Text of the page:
The word jewellery is derived from the word jewel which was anglicised from the Old French "jouel" circa the 13th century. Jewellery is one of the oldest forms of body adornment, recently found 100,000 year old beads made from Narssarius shells are thought to be the oldest known jewellery.
The first signs of jewellery came from the people in Africa where early beads were made from shells. Outside of Africa the Cro-Magnons had crude necklaces and bracelets of bone, teeth, berries and stone. The first signs of established jewellery making in Early Egypt were around 3,500-5,000 years ago. The Egyptians preferred the luxury, rarity and workability of gold over other metals. In conjunction with gold Egyptians used coloured glass and precious gems.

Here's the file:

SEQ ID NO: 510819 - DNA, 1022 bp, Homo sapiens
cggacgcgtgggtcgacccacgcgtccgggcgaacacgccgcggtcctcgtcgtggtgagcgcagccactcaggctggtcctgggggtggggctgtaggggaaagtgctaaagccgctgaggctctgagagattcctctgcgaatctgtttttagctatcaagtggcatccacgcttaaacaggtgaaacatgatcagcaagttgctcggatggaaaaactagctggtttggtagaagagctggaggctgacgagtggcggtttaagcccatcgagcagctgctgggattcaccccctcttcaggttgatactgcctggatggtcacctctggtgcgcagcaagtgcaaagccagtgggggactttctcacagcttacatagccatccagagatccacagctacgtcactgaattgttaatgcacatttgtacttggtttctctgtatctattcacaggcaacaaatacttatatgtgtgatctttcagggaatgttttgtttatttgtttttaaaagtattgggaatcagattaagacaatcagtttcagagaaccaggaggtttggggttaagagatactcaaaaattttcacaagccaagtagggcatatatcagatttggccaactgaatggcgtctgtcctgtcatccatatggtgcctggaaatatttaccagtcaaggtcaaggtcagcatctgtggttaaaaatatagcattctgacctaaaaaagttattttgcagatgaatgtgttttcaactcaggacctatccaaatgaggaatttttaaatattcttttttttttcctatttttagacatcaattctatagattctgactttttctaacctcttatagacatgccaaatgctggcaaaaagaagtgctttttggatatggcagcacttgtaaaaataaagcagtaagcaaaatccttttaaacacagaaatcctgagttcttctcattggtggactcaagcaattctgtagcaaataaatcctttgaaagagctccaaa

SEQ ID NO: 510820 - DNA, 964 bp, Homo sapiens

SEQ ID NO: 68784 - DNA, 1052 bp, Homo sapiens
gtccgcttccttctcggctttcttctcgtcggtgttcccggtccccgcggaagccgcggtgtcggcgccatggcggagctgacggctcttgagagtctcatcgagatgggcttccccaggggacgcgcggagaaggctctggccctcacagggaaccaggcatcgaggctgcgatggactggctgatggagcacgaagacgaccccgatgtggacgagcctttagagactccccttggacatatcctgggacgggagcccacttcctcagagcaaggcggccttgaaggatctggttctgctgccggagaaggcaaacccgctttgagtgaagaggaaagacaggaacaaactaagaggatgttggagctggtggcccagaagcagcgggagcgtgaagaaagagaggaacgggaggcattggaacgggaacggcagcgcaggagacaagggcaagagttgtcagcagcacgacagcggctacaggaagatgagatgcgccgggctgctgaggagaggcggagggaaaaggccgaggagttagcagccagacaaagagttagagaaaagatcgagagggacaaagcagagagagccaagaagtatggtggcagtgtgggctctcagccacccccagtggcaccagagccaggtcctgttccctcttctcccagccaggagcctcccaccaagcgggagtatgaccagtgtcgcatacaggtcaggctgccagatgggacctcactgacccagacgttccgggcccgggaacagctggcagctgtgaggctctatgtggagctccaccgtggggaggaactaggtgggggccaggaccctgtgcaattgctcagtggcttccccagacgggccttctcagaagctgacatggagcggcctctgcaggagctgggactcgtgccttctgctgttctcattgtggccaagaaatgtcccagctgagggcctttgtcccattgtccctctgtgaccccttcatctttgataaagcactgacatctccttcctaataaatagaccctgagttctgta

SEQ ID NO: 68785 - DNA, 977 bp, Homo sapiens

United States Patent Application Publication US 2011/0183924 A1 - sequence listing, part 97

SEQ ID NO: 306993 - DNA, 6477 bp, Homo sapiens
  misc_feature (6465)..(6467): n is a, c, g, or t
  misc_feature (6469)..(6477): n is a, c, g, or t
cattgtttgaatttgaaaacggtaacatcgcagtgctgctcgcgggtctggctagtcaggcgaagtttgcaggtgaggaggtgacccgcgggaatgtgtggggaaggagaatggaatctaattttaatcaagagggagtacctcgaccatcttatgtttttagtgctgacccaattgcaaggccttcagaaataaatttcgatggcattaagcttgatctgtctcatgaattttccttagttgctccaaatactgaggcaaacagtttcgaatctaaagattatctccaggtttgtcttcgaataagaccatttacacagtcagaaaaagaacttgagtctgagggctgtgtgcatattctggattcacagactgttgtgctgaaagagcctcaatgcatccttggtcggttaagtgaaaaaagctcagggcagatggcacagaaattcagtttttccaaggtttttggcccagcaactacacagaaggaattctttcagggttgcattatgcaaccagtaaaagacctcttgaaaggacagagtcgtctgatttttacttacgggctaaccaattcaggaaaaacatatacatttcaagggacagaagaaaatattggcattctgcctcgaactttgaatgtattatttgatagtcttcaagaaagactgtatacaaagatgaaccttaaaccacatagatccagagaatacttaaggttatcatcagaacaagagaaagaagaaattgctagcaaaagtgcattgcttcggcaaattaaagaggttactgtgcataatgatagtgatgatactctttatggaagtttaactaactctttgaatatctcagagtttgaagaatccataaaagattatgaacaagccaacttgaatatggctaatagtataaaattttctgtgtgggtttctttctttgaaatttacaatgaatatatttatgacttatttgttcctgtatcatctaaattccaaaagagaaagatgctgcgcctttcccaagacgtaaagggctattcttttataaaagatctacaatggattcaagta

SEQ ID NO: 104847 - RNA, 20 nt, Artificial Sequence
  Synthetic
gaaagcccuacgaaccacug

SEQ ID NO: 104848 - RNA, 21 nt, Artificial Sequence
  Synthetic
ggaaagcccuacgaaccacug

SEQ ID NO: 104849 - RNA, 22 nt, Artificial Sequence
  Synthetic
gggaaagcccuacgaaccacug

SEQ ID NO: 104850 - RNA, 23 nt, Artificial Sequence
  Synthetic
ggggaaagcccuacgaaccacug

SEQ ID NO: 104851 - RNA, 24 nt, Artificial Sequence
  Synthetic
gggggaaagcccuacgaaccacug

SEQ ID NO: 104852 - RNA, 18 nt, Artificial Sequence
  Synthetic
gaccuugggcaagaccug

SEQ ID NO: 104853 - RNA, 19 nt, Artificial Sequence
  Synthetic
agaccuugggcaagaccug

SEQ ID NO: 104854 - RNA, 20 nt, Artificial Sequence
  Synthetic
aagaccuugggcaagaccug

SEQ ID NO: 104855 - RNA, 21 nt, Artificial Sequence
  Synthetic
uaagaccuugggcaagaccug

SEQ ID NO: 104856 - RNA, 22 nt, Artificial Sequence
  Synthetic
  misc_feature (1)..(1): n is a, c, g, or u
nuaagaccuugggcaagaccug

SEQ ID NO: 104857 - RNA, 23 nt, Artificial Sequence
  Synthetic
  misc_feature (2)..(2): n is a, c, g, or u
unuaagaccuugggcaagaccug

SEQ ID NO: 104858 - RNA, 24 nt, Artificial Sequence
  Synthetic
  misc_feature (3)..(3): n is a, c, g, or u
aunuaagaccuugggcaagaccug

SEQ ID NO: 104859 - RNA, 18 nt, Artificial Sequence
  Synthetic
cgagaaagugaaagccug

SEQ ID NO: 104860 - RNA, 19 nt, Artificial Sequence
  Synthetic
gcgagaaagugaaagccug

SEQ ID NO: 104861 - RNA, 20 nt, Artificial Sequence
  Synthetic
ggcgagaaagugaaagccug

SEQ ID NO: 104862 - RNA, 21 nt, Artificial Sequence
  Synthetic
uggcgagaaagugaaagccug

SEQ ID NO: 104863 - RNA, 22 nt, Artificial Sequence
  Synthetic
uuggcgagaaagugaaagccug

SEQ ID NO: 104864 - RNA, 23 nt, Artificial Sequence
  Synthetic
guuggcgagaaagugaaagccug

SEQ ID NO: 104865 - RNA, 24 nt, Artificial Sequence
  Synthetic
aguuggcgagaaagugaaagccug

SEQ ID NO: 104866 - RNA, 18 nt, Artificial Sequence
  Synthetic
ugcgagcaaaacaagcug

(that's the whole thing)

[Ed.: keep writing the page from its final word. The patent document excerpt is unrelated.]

The Greeks started using gold and gems in jewellery in 1600 BC although beads shaped as shells and animals were produced widely in earlier times.The Romans used a diverse range of materials for their jewellery. Although they used gold they sometimes used bronze or bone, and in earlier times, glass beads and pearl.
The modern jewellery movement began in the late 1940s with a renewed interest in artistic and leisurely pursuits. The advent of new materials such as plastics, PMC and colouring techniques has led to increased variety in styles. Artisan jewellery continues to grow both as a hobby and as a profession.
Here are some pieces of jewellery from members of the Jet Team each showcasing different techniques: